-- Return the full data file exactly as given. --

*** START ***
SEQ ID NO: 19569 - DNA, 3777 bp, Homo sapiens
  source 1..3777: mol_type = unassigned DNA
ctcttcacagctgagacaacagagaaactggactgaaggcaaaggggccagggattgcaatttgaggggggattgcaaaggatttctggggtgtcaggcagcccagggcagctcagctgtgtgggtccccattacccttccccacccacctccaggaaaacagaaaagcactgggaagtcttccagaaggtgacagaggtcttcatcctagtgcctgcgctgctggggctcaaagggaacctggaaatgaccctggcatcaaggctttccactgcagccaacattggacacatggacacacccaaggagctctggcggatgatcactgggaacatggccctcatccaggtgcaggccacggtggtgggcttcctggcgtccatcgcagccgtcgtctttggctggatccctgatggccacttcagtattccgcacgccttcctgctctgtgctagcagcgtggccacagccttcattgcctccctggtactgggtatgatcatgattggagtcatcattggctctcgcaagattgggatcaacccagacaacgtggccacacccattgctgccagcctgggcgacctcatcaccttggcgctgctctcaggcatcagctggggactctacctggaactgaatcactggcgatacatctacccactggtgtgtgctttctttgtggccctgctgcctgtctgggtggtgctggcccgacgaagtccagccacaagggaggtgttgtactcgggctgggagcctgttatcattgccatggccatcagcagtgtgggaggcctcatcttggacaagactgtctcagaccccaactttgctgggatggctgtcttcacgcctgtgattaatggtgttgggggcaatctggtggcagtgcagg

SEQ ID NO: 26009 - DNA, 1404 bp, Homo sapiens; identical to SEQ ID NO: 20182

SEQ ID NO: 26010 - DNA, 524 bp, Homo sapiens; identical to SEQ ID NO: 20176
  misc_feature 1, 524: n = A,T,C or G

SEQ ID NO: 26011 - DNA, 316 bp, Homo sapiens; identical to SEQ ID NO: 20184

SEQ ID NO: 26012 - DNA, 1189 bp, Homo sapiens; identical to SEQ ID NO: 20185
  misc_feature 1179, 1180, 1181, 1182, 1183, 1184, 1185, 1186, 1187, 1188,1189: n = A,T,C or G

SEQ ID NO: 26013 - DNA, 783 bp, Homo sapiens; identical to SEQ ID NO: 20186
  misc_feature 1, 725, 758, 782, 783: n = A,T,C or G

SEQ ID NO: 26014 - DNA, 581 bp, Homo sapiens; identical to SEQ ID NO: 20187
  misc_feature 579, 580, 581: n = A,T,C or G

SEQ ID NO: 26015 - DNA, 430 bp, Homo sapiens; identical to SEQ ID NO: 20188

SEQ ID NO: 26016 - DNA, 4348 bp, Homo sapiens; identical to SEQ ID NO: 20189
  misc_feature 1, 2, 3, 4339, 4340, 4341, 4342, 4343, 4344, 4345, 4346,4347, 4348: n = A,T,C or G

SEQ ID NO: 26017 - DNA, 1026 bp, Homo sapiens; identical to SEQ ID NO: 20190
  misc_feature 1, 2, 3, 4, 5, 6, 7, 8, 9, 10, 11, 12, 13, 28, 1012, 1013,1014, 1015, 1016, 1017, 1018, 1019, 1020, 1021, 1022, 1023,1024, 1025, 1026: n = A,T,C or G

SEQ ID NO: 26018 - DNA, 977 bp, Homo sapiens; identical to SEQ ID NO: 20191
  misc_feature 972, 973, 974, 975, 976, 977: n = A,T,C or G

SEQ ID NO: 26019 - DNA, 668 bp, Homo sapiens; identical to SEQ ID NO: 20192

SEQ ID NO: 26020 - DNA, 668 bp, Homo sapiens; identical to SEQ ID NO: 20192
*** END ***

SEQ ID NO: 19569 - DNA, 3777 bp, Homo sapiens
  source 1..3777: mol_type = unassigned DNA
ctcttcacagctgagacaacagagaaactggactgaaggcaaaggggccagggattgcaatttgaggggggattgcaaaggatttctggggtgtcaggcagcccagggcagctcagctgtgtgggtccccattacccttccccacccacctccaggaaaacagaaaagcactgggaagtcttccagaaggtgacagaggtcttcatcctagtgcctgcgctgctggggctcaaagggaacctggaaatgaccctggcatcaaggctttccactgcagccaacattggacacatggacacacccaaggagctctggcggatgatcactgggaacatggccctcatccaggtgcaggccacggtggtgggcttcctggcgtccatcgcagccgtcgtctttggctggatccctgatggccacttcagtattccgcacgccttcctgctctgtgctagcagcgtggccacagccttcattgcctccctggtactgggtatgatcatgattggagtcatcattggctctcgcaagattgggatcaacccagacaacgtggccacacccattgctgccagcctgggcgacctcatcaccttggcgctgctctcaggcatcagctggggactctacctggaactgaatcactggcgatacatctacccactggtgtgtgctttctttgtggccctgctgcctgtctgggtggtgctggcccgacgaagtccagccacaagggaggtgttgtactcgggctgggagcctgttatcattgccatggccatcagcagtgtgggaggcctcatcttggacaagactgtctcagaccccaactttgctgggatggctgtcttcacgcctgtgattaatggtgttgggggcaatctggtggcagtgcagg

SEQ ID NO: 26009 - DNA, 1404 bp, Homo sapiens; identical to SEQ ID NO: 20182

SEQ ID NO: 26010 - DNA, 524 bp, Homo sapiens; identical to SEQ ID NO: 20176
  misc_feature 1, 524: n = A,T,C or G

SEQ ID NO: 26011 - DNA, 316 bp, Homo sapiens; identical to SEQ ID NO: 20184

SEQ ID NO: 26012 - DNA, 1189 bp, Homo sapiens; identical to SEQ ID NO: 20185
  misc_feature 1179, 1180, 1181, 1182, 1183, 1184, 1185, 1186, 1187, 1188,1189: n = A,T,C or G

SEQ ID NO: 26013 - DNA, 783 bp, Homo sapiens; identical to SEQ ID NO: 20186
  misc_feature 1, 725, 758, 782, 783: n = A,T,C or G

SEQ ID NO: 26014 - DNA, 581 bp, Homo sapiens; identical to SEQ ID NO: 20187
  misc_feature 579, 580, 581: n = A,T,C or G

SEQ ID NO: 26015 - DNA, 430 bp, Homo sapiens; identical to SEQ ID NO: 20188

SEQ ID NO: 26016 - DNA, 4348 bp, Homo sapiens; identical to SEQ ID NO: 20189
  misc_feature 1, 2, 3, 4339, 4340, 4341, 4342, 4343, 4344, 4345, 4346,4347, 4348: n = A,T,C or G

SEQ ID NO: 26017 - DNA, 1026 bp, Homo sapiens; identical to SEQ ID NO: 20190
  misc_feature 1, 2, 3, 4, 5, 6, 7, 8, 9, 10, 11, 12, 13, 28, 1012, 1013,1014, 1015, 1016, 1017, 1018, 1019, 1020, 1021, 1022, 1023,1024, 1025, 1026: n = A,T,C or G

SEQ ID NO: 26018 - DNA, 977 bp, Homo sapiens; identical to SEQ ID NO: 20191
  misc_feature 972, 973, 974, 975, 976, 977: n = A,T,C or G

SEQ ID NO: 26019 - DNA, 668 bp, Homo sapiens; identical to SEQ ID NO: 20192

SEQ ID NO: 26020 - DNA, 668 bp, Homo sapiens; identical to SEQ ID NO: 20192